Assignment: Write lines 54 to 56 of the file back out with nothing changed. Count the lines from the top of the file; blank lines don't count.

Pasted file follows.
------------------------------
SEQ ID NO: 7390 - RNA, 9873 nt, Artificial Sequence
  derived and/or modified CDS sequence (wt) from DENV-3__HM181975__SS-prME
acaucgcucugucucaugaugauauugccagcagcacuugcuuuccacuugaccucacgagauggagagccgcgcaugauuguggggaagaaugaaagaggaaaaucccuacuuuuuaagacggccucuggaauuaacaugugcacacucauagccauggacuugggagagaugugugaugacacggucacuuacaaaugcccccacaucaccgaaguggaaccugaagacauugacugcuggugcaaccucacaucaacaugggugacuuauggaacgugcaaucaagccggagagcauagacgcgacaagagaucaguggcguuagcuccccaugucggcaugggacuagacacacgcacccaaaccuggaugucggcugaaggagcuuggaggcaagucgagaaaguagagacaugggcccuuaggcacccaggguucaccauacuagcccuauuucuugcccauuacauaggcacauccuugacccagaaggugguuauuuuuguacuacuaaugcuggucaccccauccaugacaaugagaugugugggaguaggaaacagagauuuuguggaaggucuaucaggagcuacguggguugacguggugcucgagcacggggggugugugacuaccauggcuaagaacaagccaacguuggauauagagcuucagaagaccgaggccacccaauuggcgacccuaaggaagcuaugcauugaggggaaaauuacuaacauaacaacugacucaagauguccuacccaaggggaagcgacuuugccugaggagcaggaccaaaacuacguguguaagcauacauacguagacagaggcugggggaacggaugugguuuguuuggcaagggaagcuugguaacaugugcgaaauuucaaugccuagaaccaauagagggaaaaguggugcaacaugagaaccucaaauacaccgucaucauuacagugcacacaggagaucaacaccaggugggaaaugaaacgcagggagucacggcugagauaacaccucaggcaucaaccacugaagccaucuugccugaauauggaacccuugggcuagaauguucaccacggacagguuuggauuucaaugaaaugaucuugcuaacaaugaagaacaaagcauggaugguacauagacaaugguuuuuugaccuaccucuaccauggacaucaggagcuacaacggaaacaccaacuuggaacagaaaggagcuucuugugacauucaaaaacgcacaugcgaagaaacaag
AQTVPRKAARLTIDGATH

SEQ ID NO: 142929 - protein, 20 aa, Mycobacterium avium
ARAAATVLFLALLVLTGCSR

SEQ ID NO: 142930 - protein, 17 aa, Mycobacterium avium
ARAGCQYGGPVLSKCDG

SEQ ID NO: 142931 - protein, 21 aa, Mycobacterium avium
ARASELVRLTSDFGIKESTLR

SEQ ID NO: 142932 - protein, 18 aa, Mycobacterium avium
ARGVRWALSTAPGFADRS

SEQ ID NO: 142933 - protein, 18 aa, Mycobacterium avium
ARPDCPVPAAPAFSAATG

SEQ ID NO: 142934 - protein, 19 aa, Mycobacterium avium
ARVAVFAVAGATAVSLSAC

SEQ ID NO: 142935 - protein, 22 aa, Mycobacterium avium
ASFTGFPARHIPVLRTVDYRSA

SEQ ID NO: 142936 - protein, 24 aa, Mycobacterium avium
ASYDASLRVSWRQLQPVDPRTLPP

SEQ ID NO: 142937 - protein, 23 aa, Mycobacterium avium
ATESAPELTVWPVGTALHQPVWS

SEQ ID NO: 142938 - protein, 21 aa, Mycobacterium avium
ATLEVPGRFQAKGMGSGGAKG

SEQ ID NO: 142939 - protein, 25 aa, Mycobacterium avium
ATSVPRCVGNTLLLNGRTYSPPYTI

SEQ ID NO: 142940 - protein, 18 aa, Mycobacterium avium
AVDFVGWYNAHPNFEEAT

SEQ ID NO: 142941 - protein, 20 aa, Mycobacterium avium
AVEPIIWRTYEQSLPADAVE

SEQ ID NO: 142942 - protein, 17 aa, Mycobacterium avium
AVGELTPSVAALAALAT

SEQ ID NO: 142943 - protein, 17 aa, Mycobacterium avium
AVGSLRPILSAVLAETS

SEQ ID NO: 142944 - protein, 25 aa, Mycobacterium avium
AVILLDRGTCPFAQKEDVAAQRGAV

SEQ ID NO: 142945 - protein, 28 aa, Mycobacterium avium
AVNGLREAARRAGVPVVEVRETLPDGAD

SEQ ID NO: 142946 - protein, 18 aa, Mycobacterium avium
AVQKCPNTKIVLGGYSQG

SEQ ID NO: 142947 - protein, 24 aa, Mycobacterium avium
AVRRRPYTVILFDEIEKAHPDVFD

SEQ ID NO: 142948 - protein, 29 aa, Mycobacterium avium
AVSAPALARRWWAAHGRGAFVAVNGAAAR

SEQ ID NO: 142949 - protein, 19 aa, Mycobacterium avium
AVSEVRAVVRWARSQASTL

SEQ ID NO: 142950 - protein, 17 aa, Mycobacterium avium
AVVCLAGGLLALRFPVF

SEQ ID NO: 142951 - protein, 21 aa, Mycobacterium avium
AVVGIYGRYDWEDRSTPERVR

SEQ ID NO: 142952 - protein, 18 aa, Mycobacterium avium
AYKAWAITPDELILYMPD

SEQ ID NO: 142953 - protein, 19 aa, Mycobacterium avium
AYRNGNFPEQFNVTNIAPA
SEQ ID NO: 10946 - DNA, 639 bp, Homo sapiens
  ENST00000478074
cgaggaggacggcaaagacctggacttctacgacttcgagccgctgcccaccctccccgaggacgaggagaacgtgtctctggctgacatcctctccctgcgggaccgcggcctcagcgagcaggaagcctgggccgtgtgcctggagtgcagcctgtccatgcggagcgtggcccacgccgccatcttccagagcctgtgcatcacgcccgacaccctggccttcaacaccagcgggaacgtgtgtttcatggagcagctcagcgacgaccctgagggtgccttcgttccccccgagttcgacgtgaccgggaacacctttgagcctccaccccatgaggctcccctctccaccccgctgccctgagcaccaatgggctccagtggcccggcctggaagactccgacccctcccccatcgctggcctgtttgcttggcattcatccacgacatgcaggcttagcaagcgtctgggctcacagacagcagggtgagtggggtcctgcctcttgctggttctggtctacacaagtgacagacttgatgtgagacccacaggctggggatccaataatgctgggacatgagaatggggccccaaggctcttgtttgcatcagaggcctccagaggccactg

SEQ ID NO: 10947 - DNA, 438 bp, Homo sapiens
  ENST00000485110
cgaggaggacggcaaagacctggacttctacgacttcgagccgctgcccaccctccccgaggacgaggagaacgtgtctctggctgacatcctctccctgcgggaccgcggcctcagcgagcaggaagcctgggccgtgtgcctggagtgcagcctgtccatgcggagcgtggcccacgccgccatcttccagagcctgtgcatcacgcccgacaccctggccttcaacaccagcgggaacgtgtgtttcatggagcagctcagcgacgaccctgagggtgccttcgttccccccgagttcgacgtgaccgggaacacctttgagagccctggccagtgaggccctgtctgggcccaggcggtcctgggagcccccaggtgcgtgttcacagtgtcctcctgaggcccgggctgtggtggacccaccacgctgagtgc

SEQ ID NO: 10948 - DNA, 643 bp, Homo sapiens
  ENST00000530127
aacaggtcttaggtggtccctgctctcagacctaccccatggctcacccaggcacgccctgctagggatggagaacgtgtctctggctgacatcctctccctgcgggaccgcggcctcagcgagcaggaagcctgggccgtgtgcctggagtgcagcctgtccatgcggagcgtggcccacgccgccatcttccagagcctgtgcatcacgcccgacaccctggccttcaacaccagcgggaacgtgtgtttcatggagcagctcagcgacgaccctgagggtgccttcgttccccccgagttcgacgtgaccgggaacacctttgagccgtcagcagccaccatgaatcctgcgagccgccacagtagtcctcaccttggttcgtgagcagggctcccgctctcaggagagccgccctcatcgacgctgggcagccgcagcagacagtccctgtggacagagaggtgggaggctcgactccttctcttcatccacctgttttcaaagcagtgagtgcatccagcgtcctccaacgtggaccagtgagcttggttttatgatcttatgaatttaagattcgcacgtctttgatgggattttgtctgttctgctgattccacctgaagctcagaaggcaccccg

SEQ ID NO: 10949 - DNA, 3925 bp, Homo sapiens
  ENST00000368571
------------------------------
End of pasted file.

AYRNGNFPEQFNVTNIAPA
SEQ ID NO: 10946 - DNA, 639 bp, Homo sapiens
  ENST00000478074